Packaging for Submissions

Patience In Banff, © Mary Brock
Patience In Banff, © Mary Brock

Care of Images and Packaging for Submissions

During the course of reviewing transparency submissions for contests or editorial work, it becomes evident that most individuals do not actually know the best way to handle their slides or the packaging of submissions. Thus, we offer this short piece of advice in the hope that it will aid someone in getting their images published.

Care of Slides
The most important part of making any submission is not whether you win or lose a competition or whether a publisher or editor chooses your work for inclusion in their publication, but whether or not your slides actually arrive there and return home in good condition. Most of that is in your control. Care of the slides and packaging can make all of the difference in the world.

Clean labeled slides — Don’t send filthy or scratched transparencies. Not only does it make a very bad first impression on the individual reviewing the images, they are more easily damaged if they are laden with dust and who-knows-what. Look at the transparencies you are getting ready to send. If they have dust and other things on them, use an air bulb or canned air to blow the loose debris off. If they are still dirty, you will have to resort to more drastic cleaning methods. The best way to avoid dirty slides is to keep them in clean situations all of the time. Put them in slide sheets when you get them back from the lab — they will collect a lot less dust that way. Also make sure all of the slides you send are labeled with your name, address and telephone number.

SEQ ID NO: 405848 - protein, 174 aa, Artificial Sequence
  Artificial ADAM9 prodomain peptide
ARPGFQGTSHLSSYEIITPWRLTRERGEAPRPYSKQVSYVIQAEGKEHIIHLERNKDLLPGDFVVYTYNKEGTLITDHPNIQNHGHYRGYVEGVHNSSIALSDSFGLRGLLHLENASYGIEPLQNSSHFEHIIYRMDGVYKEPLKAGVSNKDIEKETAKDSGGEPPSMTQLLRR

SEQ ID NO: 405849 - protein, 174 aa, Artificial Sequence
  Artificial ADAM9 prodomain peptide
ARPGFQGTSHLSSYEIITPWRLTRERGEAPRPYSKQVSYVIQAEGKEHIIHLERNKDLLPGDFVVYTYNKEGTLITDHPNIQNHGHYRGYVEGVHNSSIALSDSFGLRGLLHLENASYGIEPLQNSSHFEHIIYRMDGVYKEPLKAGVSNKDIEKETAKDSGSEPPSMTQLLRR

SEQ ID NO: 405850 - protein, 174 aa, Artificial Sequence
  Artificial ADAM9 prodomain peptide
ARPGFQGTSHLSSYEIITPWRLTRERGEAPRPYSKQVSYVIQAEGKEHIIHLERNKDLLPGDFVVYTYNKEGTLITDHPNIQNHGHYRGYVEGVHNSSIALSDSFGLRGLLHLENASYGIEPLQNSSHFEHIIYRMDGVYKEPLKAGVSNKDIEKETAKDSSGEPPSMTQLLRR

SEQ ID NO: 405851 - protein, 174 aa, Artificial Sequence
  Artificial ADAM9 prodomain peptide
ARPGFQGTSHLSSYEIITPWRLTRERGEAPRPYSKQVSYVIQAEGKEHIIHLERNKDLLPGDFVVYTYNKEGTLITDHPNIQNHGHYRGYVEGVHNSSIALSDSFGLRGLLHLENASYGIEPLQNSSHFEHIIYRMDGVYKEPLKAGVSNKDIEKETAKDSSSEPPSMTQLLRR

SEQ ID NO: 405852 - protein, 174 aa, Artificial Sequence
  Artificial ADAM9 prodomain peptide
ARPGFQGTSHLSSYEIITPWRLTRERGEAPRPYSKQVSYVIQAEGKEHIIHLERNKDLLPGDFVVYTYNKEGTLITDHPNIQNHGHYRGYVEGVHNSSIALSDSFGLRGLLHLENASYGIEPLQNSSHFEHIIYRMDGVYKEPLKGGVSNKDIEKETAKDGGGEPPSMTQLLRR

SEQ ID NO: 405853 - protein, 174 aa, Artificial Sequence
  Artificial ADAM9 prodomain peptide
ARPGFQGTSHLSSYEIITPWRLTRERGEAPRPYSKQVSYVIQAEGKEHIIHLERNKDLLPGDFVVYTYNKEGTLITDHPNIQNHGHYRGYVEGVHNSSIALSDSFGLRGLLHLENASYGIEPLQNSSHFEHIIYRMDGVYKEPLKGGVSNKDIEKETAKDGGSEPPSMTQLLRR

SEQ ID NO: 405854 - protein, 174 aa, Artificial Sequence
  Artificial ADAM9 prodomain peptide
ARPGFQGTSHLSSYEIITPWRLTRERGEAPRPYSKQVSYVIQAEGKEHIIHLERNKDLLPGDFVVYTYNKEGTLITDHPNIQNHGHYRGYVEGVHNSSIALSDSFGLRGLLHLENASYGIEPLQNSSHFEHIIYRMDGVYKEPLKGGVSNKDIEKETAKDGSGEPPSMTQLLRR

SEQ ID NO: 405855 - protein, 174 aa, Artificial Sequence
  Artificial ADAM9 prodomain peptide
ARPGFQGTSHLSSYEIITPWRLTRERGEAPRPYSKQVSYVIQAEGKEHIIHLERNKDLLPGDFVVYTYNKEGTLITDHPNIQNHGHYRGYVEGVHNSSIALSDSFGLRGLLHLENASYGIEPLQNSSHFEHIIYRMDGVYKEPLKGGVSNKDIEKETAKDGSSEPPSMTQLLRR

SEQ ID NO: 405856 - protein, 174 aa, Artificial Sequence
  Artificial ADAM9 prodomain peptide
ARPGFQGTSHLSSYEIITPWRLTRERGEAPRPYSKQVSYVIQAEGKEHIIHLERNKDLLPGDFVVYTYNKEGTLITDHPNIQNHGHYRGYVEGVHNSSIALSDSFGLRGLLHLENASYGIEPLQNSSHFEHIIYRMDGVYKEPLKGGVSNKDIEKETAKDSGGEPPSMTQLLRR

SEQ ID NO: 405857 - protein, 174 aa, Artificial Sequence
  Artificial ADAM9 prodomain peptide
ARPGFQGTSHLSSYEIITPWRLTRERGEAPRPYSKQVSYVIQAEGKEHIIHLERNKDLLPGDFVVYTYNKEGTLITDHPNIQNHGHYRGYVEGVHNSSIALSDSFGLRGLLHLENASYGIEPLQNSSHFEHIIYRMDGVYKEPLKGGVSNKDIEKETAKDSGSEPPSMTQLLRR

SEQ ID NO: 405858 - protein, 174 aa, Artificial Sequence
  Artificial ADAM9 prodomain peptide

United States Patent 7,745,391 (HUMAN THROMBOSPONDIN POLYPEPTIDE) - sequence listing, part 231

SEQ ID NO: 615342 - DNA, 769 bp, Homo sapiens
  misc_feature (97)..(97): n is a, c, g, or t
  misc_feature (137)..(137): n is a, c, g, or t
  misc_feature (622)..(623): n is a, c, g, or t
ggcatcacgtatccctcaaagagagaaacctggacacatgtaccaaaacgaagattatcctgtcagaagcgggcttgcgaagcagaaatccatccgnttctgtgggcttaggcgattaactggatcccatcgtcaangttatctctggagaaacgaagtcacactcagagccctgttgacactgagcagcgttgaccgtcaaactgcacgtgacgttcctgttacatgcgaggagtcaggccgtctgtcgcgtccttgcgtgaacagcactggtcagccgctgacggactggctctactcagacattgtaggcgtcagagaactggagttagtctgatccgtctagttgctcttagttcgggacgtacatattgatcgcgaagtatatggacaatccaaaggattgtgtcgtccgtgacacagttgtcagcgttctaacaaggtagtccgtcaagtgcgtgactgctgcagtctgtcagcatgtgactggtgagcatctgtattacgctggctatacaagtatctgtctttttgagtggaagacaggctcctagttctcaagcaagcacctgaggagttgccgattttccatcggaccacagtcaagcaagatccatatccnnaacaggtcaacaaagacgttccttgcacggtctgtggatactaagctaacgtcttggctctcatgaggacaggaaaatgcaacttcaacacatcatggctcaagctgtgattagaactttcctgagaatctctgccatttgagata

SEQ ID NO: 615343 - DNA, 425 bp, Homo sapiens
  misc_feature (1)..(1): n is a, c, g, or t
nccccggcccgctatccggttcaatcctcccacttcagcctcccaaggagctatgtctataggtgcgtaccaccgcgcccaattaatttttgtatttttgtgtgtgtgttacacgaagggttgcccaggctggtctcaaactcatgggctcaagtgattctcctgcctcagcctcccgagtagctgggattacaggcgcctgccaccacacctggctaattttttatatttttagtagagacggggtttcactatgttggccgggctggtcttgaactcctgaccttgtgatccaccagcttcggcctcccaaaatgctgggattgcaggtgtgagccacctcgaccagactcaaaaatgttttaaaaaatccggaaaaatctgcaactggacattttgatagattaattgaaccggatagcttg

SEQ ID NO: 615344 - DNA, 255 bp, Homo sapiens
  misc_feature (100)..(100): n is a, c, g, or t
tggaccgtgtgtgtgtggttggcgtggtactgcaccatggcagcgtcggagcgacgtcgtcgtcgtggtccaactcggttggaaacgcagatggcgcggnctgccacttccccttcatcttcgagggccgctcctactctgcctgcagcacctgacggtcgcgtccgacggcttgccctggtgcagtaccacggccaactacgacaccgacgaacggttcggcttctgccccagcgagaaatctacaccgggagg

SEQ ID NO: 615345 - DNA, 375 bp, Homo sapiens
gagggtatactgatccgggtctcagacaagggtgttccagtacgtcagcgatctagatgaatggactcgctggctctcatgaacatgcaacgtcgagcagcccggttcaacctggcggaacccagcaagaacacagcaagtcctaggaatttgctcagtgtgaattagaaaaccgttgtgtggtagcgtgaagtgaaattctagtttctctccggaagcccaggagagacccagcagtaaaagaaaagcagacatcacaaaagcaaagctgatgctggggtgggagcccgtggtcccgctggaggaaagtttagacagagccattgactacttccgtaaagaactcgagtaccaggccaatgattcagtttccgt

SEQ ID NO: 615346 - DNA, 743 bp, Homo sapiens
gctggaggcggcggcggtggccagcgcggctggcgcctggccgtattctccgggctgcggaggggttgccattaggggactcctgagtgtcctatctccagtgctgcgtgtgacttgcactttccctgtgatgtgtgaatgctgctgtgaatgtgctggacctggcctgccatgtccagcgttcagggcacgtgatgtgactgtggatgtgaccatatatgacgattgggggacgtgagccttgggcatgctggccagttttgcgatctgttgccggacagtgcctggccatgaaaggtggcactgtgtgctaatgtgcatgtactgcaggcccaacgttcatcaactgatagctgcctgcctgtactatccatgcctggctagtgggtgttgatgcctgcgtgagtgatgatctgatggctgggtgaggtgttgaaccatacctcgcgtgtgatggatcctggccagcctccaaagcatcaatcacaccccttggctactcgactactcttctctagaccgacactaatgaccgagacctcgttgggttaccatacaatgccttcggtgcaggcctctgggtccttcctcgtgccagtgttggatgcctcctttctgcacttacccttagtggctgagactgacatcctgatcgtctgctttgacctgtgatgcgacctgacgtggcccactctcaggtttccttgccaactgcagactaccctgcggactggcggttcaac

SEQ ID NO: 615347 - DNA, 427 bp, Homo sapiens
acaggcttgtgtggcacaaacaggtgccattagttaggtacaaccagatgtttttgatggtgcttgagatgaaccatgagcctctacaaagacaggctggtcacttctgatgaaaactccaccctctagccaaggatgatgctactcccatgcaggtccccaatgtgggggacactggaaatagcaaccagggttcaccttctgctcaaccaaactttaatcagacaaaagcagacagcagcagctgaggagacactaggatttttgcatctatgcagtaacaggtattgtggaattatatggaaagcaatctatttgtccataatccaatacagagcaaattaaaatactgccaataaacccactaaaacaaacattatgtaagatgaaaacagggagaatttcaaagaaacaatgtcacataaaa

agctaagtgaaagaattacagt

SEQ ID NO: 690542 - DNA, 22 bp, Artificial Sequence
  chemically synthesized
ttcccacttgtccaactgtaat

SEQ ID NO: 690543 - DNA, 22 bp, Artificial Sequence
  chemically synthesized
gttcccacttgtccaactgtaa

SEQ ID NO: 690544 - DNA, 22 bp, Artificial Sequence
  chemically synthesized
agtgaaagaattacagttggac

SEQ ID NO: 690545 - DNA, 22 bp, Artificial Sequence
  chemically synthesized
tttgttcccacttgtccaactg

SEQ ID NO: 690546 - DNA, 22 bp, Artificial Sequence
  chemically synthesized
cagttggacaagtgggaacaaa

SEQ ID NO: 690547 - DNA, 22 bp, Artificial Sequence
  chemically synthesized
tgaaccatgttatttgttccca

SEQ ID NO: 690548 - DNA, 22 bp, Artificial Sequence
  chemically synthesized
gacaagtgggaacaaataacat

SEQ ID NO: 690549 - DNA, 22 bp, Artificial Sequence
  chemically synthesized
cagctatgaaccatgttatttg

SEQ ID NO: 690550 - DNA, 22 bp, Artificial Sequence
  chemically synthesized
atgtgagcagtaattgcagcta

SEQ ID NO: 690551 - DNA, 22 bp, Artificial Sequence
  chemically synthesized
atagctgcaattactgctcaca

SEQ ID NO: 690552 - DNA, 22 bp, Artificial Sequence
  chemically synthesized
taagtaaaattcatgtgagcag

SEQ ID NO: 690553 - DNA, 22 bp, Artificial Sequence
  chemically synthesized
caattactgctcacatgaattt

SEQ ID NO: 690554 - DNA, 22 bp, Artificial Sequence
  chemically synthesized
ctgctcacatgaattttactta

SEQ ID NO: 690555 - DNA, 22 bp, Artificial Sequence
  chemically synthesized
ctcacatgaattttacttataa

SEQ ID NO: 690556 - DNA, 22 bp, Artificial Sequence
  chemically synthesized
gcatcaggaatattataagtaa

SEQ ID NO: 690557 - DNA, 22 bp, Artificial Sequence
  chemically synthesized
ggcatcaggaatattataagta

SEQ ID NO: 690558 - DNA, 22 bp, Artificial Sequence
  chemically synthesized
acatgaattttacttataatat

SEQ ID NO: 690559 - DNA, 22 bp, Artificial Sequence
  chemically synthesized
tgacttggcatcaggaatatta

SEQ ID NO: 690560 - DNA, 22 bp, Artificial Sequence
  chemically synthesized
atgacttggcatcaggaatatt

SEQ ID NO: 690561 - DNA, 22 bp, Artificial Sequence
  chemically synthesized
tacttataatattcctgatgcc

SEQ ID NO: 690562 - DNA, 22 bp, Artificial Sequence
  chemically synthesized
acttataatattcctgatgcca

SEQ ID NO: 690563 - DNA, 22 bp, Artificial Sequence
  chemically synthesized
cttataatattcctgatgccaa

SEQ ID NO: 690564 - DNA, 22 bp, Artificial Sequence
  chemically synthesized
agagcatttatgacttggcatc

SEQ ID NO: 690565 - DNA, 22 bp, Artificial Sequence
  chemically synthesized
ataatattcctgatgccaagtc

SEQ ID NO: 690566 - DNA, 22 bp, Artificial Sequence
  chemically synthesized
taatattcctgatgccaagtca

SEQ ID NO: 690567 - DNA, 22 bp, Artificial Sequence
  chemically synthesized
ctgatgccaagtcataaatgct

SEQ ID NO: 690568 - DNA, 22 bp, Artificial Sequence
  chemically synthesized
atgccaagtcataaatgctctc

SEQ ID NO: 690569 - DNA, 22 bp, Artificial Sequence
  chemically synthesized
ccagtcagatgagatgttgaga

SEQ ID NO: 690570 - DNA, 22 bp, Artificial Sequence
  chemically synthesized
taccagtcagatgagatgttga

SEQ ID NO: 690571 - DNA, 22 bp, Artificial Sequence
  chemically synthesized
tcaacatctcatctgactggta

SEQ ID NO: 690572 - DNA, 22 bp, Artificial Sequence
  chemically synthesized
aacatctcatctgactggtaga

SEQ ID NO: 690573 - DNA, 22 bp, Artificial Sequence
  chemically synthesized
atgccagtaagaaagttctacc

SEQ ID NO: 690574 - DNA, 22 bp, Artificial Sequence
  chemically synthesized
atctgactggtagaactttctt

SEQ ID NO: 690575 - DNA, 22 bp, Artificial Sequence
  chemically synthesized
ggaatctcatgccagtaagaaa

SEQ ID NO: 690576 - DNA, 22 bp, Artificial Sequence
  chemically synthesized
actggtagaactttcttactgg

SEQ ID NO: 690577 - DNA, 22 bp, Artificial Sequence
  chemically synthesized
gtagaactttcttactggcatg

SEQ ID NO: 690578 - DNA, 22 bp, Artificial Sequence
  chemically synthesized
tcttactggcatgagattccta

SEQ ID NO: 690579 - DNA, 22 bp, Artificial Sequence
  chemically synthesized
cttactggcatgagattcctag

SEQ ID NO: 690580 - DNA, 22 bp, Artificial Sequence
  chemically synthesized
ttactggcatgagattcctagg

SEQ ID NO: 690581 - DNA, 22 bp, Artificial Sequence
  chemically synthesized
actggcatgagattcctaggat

Slide packaging — Loose slides do not travel well in the mail. They can scratch much easier or even become torn in transit. There are single clear plastic slide sleeves that fit snugly directly over individual 35mm slides (or other transparency sizes, too) and add to the protection while in transit and while being reviewed by other people. They are not necessary to be removed to view the slide, or even to scan it, and will fully eliminate the possibility of finger prints on the slide itself. The individual 35mm sleeves are #SS22B and come in packages of 100 for $5.10, 500 for $20.70 or 1000 for $37.20 from the Stock Solutions (online ordering of all photo transparency film formats at